For this reason, the Ariya has a short front end and a long wheelbase. That translates to more room for passengers. The climate control hardware is actually installed under the hood, as opposed to right behind the dash. That switch frees up even more legroom for the driver and front passenger. The Ariya’s trunk isn’t as roomy as its cabin, but the AWD version does pack a respectable 14.9 cubic feet of cargo space. The FWD version can stow even more, with 16.5 cubic feet of storage.

It Has Tesla-Rivaling Safety Tech

Tesla’s Autopilot system has long been the benchmark for EV driver-assistive safety suites on the market. That could change with the entry of the new Nissan ProPilot Assist 2.0, which is standard on the Ariya. Nissan’s next-generation software suite offers enhanced lane-centering capabilities and features an upgraded adaptive cruise control system. It uses GPS and high-definition 3D map data from the vehicle’s navigation system to determine speed limits, road types, and direction. Translation? The system automatically adjusts the Ariya’s cruising speed to align with the speed limit.

However, the big news is that the Ariya will feature full (semi) autonomous driving in single-lane highway traffic. In addition, the ProPilot Assist 2.0 feature now has the ability to make lane changes, passing maneuvers, and execute highway exits. However, like most “self driving” features in competing vehicles, the Ariya still requires an attentive driver ready to take over.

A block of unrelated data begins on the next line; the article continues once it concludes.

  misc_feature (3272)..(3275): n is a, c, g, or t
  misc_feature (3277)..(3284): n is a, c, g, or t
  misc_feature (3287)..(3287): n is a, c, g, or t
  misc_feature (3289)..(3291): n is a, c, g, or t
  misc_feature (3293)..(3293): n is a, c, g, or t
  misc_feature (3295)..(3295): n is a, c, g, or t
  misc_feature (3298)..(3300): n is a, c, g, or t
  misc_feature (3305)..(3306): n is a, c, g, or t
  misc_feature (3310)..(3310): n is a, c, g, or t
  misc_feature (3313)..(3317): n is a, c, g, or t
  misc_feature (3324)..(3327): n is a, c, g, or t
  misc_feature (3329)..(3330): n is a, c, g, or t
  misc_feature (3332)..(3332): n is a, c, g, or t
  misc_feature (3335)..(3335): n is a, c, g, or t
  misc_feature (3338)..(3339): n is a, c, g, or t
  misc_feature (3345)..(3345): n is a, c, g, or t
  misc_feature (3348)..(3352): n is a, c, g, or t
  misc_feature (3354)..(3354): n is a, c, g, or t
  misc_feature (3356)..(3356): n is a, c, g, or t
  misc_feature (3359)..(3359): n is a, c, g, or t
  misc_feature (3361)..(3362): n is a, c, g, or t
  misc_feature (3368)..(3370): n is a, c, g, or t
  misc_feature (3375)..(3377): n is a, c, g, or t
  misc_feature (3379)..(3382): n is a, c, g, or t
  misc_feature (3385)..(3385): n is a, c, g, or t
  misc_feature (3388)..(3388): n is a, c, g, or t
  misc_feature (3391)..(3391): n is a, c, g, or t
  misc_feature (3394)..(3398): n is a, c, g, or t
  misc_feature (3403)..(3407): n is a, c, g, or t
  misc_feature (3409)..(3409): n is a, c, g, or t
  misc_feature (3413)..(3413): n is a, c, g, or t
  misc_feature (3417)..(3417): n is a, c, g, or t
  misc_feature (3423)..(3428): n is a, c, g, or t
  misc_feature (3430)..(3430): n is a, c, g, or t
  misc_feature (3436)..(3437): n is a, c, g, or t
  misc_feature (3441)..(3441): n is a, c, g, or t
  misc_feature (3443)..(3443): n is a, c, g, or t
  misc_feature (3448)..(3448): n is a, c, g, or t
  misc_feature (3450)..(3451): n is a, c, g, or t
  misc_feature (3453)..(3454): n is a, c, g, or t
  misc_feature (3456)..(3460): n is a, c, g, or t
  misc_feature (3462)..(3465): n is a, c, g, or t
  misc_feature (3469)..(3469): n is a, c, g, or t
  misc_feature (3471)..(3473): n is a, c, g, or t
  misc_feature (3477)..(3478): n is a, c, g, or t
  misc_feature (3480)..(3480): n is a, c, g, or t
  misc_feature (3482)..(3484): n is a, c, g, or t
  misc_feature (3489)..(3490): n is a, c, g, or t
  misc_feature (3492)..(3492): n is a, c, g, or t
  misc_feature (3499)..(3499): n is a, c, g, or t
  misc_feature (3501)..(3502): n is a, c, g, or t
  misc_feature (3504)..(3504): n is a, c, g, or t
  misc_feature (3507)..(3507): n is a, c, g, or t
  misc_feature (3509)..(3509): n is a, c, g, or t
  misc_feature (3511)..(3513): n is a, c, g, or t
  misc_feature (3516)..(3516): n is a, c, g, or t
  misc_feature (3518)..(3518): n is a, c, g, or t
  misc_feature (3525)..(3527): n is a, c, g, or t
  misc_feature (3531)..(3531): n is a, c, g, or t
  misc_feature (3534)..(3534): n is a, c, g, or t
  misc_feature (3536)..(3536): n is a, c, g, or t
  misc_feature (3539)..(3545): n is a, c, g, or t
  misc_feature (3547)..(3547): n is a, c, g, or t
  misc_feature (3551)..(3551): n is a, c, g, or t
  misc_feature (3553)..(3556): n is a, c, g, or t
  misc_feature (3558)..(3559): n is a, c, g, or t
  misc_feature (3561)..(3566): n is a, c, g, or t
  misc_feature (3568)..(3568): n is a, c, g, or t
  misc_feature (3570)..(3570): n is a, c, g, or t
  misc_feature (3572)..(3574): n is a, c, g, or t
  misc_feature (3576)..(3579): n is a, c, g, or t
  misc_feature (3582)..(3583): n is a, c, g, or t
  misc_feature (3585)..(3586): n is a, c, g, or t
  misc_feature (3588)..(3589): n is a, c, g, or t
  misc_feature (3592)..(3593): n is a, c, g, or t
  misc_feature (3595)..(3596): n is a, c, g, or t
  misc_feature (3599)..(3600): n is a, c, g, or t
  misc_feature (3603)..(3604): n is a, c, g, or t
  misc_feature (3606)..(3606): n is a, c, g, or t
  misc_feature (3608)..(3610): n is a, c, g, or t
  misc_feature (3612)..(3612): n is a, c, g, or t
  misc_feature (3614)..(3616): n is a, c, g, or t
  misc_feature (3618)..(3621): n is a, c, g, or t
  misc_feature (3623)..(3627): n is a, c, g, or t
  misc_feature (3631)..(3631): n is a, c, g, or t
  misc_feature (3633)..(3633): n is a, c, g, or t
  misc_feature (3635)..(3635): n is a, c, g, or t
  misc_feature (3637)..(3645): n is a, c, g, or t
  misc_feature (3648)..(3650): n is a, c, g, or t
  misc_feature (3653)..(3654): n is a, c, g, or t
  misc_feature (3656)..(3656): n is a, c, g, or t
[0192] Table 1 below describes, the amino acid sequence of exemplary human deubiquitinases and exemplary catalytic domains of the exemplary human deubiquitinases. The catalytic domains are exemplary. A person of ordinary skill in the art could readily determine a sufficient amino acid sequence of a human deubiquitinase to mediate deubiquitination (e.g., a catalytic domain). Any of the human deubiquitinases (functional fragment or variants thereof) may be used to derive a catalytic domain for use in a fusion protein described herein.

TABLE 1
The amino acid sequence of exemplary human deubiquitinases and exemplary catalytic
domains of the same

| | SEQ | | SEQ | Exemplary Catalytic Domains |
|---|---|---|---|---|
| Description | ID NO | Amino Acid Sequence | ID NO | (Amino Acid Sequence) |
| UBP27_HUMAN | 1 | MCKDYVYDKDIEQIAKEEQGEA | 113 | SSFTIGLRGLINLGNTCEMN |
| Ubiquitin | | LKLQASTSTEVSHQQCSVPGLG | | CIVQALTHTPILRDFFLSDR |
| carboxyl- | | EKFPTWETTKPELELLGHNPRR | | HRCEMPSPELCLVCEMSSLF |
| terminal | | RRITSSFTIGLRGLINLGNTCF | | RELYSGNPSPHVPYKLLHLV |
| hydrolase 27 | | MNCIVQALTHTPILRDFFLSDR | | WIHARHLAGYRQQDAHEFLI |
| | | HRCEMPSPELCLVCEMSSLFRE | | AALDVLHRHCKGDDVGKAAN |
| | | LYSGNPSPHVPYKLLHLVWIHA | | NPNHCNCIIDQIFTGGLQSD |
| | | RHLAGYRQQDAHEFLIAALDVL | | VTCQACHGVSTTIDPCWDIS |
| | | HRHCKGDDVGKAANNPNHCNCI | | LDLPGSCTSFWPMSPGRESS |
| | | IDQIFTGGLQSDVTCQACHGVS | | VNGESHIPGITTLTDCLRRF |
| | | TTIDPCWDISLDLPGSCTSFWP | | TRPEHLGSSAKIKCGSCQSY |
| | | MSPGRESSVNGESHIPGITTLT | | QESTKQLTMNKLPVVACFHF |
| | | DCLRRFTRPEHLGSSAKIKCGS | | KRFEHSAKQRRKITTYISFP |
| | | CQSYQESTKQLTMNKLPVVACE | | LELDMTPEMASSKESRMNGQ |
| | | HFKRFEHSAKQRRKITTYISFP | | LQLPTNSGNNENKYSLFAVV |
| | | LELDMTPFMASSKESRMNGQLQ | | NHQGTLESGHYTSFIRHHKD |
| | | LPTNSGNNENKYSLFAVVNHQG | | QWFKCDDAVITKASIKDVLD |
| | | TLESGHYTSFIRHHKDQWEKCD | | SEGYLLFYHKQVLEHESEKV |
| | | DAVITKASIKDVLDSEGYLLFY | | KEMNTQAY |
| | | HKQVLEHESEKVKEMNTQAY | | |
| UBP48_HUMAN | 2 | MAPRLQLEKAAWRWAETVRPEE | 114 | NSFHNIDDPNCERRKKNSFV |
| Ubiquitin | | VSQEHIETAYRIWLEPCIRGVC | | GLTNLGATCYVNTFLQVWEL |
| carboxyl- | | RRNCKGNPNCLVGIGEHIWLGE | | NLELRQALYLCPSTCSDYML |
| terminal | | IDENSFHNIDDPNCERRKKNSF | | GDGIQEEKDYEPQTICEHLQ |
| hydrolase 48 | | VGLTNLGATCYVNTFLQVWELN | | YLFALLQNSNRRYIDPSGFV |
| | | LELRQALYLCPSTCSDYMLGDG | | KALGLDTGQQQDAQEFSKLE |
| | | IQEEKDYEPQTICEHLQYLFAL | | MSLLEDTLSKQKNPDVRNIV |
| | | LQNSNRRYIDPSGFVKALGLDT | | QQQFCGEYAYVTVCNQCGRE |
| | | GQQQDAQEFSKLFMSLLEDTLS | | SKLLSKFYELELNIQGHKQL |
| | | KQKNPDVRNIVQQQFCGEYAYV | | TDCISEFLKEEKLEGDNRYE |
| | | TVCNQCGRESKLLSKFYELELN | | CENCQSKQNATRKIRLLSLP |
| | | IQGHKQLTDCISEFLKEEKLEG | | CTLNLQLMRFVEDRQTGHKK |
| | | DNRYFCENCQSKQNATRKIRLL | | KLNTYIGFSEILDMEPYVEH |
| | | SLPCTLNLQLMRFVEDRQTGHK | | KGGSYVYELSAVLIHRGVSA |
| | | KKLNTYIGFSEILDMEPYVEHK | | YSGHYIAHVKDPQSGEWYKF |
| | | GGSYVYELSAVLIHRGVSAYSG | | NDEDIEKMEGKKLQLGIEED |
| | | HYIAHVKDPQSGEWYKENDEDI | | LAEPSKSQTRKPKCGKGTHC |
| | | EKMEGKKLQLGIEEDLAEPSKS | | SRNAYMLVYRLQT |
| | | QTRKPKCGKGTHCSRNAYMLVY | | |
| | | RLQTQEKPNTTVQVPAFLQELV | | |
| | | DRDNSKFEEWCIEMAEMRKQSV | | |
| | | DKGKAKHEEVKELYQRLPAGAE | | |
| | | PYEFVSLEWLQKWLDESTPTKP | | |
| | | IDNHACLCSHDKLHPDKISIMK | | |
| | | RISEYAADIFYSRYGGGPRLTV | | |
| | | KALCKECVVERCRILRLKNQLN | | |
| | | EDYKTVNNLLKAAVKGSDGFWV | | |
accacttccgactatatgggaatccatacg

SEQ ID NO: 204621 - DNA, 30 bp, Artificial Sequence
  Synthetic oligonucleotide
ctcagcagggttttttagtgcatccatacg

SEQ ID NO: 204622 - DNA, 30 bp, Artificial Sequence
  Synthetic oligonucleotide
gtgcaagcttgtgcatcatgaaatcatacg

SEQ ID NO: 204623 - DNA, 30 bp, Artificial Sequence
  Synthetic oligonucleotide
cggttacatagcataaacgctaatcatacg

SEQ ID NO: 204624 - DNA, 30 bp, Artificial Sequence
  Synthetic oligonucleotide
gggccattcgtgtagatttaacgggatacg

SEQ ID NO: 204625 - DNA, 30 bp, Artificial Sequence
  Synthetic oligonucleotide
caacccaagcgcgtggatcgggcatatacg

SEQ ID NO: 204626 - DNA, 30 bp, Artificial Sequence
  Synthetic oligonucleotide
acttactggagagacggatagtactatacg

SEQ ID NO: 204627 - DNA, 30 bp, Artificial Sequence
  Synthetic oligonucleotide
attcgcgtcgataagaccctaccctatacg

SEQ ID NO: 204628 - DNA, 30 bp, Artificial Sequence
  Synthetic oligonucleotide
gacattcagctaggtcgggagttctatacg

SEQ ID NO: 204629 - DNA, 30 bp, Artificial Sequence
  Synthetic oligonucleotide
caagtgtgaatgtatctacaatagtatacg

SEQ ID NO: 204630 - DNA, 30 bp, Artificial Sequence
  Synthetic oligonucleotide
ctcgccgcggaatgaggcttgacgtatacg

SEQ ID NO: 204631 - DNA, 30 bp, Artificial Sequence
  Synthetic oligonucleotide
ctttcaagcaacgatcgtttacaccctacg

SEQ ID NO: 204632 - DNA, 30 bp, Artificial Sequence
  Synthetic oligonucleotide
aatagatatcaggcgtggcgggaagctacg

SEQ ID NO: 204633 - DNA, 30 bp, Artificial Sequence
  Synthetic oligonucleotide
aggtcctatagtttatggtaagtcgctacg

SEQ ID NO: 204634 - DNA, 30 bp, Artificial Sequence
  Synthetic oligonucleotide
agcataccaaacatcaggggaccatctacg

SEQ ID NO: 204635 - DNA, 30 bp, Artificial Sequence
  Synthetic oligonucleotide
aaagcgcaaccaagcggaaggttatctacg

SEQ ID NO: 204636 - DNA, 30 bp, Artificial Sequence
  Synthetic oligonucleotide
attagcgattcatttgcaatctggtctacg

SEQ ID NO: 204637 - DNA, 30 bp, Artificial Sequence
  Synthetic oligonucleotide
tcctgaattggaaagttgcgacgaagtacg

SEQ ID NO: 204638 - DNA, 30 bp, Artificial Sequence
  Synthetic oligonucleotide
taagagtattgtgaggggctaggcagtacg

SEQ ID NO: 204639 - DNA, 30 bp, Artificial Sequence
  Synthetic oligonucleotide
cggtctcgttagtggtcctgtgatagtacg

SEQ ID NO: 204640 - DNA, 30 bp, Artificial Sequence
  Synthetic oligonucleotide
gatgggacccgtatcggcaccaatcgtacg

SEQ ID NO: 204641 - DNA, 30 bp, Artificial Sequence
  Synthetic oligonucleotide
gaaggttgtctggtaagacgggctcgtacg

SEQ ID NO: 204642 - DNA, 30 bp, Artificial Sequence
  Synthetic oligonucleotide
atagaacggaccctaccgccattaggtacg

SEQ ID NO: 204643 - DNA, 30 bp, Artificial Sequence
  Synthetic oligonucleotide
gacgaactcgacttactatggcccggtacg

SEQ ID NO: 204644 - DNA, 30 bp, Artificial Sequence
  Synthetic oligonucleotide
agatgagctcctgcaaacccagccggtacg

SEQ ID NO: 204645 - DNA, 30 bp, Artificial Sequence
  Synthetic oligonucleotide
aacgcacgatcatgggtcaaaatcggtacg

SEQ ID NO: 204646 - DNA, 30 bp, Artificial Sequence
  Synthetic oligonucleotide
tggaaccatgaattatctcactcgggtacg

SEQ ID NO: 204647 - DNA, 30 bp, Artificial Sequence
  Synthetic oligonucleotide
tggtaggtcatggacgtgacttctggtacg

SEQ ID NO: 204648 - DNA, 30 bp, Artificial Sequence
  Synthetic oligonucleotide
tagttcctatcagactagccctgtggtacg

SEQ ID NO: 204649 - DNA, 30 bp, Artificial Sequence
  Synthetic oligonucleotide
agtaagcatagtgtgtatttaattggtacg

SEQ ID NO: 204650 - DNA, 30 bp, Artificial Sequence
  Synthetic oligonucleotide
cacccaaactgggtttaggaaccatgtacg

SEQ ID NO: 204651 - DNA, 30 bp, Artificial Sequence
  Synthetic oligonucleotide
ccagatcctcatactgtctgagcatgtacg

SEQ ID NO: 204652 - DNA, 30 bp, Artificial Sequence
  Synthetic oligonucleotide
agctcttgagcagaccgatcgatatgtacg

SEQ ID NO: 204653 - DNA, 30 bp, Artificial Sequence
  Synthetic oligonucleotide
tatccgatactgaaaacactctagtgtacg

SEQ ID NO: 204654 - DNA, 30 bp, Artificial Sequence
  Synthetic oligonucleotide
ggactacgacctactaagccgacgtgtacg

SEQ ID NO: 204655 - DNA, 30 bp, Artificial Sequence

There’s Nearly 400-HP Available

When appropriately equipped, the 2021 Ariya’s powertrain will be able to generate up to 389 horsepower and 443 lb-ft of torque. That will be enough to do 0-to-60 mph in just 5.1 seconds. While that time falls well short of the 449-hp Model Y Performance’s 3.5-second 0-to-60 time, it’s still quite fast.

For reference, the VW ID.4’s most powerful variant offers 302 hp. It “sprints” from 0-to-60 in a more leisurely seven seconds. In case you were wondering, the Ariya will be no match for the Mustang Mach-E. The quickest version of Ford’s new marquee EV rockets from a standstill to 60 mph in just 3.5 seconds.

You Can Pay to Avoid Range Anxiety

As expected, the lighter single-motor FWD Ariya offers the most range. The 87-kWh battery offers 310 miles of travel. The other battery on offer is a 63-kWh unit with a max range of 223 miles. As previously mentioned, these figures fall off a bit if you opt for AWD. An AWD Ariya with the 87-kWh battery has a max range of 285 miles. The 63 kWh-battery offers just 211 miles of AWD range.

The Performance model unfortunately — but not unexpectedly – -sacrifices power for range. It can only go 249 miles on a single charge. All told, the Ariya is closely matched with its rivals. The VW ID.4 also offers a claimed maximum driving range of 310 miles. Meanwhile, the Tesla Model Y offers a slightly higher maximum range of 326 miles.

You Won’t Have to Break the Bank for It

Nissan hasn’t released complete pricing details. However, the automaker has revealed that the 2021 Ariya will start around $40,000. That’s about the average starting point for most similar electric crossovers on the market. Naturally, goodies like AWD, a bigger battery, and more power will likely push the MSRP up to around $50,000, if not more. For reference, the 2021 Tesla Model Y starts at $41,990, while the VW ID.4 will start at $41,190. The Mustang Mach-E rings in at $44,995.


Michael Hines is a Chicago-based writer who has covered everything from the automotive industry to emerging internet trends and technology news. His first car was a 1990 Ford F-250 and his dream car is the Nissan GT-R. In addition to Autoversed, you can find him on Twitter @michaelhines_1.